The Timbers wilted in the Texas heat, dropping a critical Western conference game they were never really in. To their credit (acknowledged by Caleb Porter post match), Houston came in with plan: free kicks, corners, and counter attacks. The Dynamo executed it perfectly, and Portland had just about no answer.

It's best to move on.

The third of three consecutive road matches comes fittingly in Toronto, against a team that began the season in exile while awaiting the completion of the first phase of a $105 million expansion project at BMO Field.

The additional amenities reflect TFC’s greater ambitions. However, for a team that has never made the playoffs in 7 seasons in the weaker Eastern Conference, legitimacy needs to come via on-the-field success.

As one of MLS’s most EPL-centric franchises, TFC has done a phenomenal job of mirroring Premier League culture by aimlessly splashing out millions of dollars on name brand attackers and not much else. Last year, it was Michael Bradley and Jermain Defoe; the latter skipped town after only 19 appearances (11 goals!). Undaunted, famously-unsuccessful ownership group Maple Leaf Sports and Entertainment (MLSE) doubled down, doling out huge amounts of cash for USMNT striker Jozy Altidore and Juventus midfielder Sebastian Giovinco.

Headlines were certainly grabbed when the big American hitman announced his return from seven years in Europe. Altidore will, however, miss this match with a hamstring strain and is out 4-5 weeks overall.

Giovinco, the diminutive (we’re talking 5’5”) attacking mid is arguably the more important signing. The 28-year old Italian arrives in his prime from a properly big club, Juventus; you may have noticed their recent knocking off of Real Madrid en route to the Champions League Final. His $7 million salary makes him the highest paid player in MLS. The “Atomic Ant” is, in fact, the highest paid Italian footballer in the world.

Between Bradley, Defoe, Altidore, and Giovinco, you may be thinking TFC’s spending appears just a wee bit top heavy. Because they are.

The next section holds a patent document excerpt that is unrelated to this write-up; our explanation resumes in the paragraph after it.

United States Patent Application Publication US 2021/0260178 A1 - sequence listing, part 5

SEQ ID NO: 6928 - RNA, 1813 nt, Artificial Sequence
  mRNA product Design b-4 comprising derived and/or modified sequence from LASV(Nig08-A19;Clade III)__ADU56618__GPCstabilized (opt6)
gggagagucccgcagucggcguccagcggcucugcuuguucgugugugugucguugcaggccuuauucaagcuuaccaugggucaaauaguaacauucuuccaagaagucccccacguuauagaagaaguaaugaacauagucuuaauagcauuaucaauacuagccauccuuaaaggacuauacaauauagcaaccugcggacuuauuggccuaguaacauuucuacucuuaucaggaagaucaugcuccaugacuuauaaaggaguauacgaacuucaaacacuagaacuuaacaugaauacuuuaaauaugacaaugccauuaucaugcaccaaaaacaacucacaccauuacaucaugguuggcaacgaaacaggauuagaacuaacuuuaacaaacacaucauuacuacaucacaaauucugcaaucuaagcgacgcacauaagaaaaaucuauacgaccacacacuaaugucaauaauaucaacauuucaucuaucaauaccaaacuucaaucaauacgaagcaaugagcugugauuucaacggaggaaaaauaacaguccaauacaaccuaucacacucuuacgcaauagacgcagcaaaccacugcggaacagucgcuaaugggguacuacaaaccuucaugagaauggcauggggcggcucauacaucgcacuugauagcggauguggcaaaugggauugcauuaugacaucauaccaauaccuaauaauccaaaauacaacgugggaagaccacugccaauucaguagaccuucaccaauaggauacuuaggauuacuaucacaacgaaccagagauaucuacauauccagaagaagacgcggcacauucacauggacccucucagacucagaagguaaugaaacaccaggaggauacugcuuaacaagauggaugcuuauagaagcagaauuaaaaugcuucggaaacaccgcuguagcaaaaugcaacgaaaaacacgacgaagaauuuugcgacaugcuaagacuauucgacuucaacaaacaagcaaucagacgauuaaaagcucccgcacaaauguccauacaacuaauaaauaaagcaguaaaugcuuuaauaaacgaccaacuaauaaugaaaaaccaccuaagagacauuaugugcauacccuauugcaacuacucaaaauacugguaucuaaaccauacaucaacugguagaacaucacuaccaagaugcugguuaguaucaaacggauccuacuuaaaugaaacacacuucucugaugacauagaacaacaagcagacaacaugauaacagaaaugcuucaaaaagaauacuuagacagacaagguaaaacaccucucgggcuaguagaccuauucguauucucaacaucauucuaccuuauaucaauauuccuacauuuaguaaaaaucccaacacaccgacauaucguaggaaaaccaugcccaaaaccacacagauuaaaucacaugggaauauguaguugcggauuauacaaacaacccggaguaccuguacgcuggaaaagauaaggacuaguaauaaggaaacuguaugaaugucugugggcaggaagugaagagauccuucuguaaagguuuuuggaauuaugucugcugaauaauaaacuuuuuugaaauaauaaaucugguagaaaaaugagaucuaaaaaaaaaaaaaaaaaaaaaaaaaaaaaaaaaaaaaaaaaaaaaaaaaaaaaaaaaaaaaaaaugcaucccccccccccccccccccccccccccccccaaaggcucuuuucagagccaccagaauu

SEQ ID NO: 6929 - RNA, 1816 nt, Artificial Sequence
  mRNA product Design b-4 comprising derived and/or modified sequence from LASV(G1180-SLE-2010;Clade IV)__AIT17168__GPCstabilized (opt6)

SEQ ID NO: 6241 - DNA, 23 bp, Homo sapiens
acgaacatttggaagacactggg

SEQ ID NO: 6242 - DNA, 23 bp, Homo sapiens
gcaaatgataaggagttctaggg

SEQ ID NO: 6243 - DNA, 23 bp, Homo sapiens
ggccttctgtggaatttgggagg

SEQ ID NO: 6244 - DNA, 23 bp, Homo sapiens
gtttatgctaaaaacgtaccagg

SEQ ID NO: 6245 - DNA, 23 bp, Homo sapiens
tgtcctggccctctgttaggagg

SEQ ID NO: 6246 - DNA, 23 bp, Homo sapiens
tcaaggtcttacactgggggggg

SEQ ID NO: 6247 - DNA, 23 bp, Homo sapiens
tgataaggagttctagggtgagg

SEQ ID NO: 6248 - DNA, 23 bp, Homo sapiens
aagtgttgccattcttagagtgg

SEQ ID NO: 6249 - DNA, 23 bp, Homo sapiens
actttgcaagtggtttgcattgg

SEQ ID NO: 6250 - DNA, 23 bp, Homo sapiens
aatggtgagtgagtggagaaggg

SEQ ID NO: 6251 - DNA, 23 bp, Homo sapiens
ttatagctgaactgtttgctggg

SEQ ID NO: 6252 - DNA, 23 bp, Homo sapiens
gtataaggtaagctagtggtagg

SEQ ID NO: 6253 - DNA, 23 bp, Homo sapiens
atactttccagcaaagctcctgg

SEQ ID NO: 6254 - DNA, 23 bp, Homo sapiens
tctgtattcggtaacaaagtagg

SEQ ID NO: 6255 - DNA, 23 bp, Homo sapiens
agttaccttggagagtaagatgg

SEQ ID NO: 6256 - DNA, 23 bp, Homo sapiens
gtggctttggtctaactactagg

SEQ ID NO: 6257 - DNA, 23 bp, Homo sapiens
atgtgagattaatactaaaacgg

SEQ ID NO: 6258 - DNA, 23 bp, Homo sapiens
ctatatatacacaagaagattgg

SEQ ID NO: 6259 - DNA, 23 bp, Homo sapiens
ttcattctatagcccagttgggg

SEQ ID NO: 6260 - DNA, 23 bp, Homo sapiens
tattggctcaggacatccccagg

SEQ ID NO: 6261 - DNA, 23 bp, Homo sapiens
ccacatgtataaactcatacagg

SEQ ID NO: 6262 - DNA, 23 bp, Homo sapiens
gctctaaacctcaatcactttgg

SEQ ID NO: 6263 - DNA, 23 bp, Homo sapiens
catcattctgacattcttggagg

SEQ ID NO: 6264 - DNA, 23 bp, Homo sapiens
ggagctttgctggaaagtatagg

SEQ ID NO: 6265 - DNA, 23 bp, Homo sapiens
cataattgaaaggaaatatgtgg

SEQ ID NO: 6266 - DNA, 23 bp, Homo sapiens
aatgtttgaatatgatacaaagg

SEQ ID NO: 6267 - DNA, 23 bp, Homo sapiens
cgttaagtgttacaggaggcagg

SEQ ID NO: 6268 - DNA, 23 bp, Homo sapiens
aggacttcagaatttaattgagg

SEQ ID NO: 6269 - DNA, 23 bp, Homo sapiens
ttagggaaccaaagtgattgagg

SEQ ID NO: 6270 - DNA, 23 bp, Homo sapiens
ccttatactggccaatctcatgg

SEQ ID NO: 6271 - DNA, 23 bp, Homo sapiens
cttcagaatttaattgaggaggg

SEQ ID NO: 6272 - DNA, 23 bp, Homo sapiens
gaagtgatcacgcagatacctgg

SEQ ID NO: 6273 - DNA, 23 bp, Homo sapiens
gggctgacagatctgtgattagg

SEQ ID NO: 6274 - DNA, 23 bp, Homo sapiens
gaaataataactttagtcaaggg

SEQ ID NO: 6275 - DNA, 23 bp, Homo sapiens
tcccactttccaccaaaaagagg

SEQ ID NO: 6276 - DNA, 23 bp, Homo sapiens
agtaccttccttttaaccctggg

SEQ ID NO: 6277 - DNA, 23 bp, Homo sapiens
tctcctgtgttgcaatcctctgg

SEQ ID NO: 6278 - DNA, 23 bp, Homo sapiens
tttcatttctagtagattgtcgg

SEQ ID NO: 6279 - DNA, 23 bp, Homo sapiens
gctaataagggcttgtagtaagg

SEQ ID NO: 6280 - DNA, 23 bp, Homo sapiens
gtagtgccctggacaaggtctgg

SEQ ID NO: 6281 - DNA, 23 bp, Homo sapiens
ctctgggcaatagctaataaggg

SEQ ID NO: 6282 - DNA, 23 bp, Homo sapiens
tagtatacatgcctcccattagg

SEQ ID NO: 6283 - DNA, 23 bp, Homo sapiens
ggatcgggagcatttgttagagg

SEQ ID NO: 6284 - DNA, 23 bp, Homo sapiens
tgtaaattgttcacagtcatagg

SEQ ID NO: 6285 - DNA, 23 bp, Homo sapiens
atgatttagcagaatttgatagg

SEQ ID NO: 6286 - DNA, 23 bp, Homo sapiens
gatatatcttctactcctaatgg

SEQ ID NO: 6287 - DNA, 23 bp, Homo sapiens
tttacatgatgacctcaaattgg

Toronto, with all of their spending and name recognition up top, are downright unremarkable everywhere else. With 14 goals allowed, TFC are tied for third-bottom, while their 13 goals scored are only 9th best. Granted, this team has played only one home game.

The 3-5-1 Reds employ a back line of Damien Perquis, Nick Hagglund, academy product Ashtone Morgan, and Justin Morrow. Thirty-four year old Benoît Cheyrou is perhaps their most important, yet unheralded signing. The former Marseille standout was an excellent box-to-box midfielder in his day, making him one of the better such players in MLS.

It is poetic that the Timbers starting XI could reach full strength in the stadium where the injury cavalcade began. Will Johnson tweeted this weekend that T2’s draw against Real Monarchs SLC (RSL II) would be his final tune-up, hinting that the Captain could make his full Timbers debut on the very field where he broke his leg

Johnson’s return coupled with Altidore’s absence is welcome respite for the inconsistent Timbers. It also heaps onus on Portland, who (for once) have a personnel advantage. Fanendo Adi scored the Timbers’ lone goal in Houston, breaking his 7-match dry spell, but hasn’t scored in consecutive matches all season. It’s that kind of inconsistency that has haunted Caleb Porter and his squad, who rarely lack effort but have yet to convert energy into points.

It helps to have everyone back.

Between Rodney Wallace, who needed a few weeks to recover from a sore knee, Diego Valeri, and now Will Johnson, the Timbers have everyone where they should be. Darlington Nagbe has been one of the Timbers’ best—if not the best—players all year, but hasn’t finished his chances. Toronto’s suspect back line may be the tonic for a snake-bitten attack.

With an even record on the road trip, but coming off a difficult loss, the Timbers need to rebound. Toronto FC have a few flashy names and a shiny renovated stadium, but are a house of cards with a losing record.

The month of May still has three games left, and despite a setback in Texas, the Timbers are steadily developing chemistry. All things considered, a 2-1 road trip would constitute progress and, dare we say, momentum coming home.

 
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